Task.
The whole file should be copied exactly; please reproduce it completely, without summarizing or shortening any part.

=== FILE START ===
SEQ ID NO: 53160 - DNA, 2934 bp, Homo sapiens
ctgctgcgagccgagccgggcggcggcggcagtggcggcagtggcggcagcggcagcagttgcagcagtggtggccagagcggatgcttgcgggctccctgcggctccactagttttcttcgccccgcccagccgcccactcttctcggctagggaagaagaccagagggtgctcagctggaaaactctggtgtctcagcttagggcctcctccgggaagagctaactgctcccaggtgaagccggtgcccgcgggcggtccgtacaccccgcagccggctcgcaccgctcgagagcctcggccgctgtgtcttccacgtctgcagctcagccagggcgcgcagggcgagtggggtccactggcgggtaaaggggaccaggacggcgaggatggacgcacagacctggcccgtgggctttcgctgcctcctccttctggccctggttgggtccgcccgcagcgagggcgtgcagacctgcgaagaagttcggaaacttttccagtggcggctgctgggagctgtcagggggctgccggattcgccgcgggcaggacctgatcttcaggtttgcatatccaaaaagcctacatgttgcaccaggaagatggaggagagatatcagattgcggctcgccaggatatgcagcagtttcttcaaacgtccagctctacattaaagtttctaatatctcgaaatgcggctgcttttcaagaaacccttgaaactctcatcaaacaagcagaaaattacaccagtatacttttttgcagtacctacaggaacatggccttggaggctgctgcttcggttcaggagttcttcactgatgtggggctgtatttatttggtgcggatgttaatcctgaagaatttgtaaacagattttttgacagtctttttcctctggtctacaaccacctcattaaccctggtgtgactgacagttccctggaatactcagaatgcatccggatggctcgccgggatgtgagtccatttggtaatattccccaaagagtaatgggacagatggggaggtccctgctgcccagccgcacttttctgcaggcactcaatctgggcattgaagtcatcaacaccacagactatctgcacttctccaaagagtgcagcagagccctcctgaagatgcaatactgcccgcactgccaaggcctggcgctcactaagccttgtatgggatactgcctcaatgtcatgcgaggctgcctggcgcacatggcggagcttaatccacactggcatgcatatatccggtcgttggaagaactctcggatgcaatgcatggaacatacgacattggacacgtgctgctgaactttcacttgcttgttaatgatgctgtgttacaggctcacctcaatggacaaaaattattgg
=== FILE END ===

SEQ ID NO: 53160 - DNA, 2934 bp, Homo sapiens
ctgctgcgagccgagccgggcggcggcggcagtggcggcagtggcggcagcggcagcagttgcagcagtggtggccagagcggatgcttgcgggctccctgcggctccactagttttcttcgccccgcccagccgcccactcttctcggctagggaagaagaccagagggtgctcagctggaaaactctggtgtctcagcttagggcctcctccgggaagagctaactgctcccaggtgaagccggtgcccgcgggcggtccgtacaccccgcagccggctcgcaccgctcgagagcctcggccgctgtgtcttccacgtctgcagctcagccagggcgcgcagggcgagtggggtccactggcgggtaaaggggaccaggacggcgaggatggacgcacagacctggcccgtgggctttcgctgcctcctccttctggccctggttgggtccgcccgcagcgagggcgtgcagacctgcgaagaagttcggaaacttttccagtggcggctgctgggagctgtcagggggctgccggattcgccgcgggcaggacctgatcttcaggtttgcatatccaaaaagcctacatgttgcaccaggaagatggaggagagatatcagattgcggctcgccaggatatgcagcagtttcttcaaacgtccagctctacattaaagtttctaatatctcgaaatgcggctgcttttcaagaaacccttgaaactctcatcaaacaagcagaaaattacaccagtatacttttttgcagtacctacaggaacatggccttggaggctgctgcttcggttcaggagttcttcactgatgtggggctgtatttatttggtgcggatgttaatcctgaagaatttgtaaacagattttttgacagtctttttcctctggtctacaaccacctcattaaccctggtgtgactgacagttccctggaatactcagaatgcatccggatggctcgccgggatgtgagtccatttggtaatattccccaaagagtaatgggacagatggggaggtccctgctgcccagccgcacttttctgcaggcactcaatctgggcattgaagtcatcaacaccacagactatctgcacttctccaaagagtgcagcagagccctcctgaagatgcaatactgcccgcactgccaaggcctggcgctcactaagccttgtatgggatactgcctcaatgtcatgcgaggctgcctggcgcacatggcggagcttaatccacactggcatgcatatatccggtcgttggaagaactctcggatgcaatgcatggaacatacgacattggacacgtgctgctgaactttcacttgcttgttaatgatgctgtgttacaggctcacctcaatggacaaaaattattgg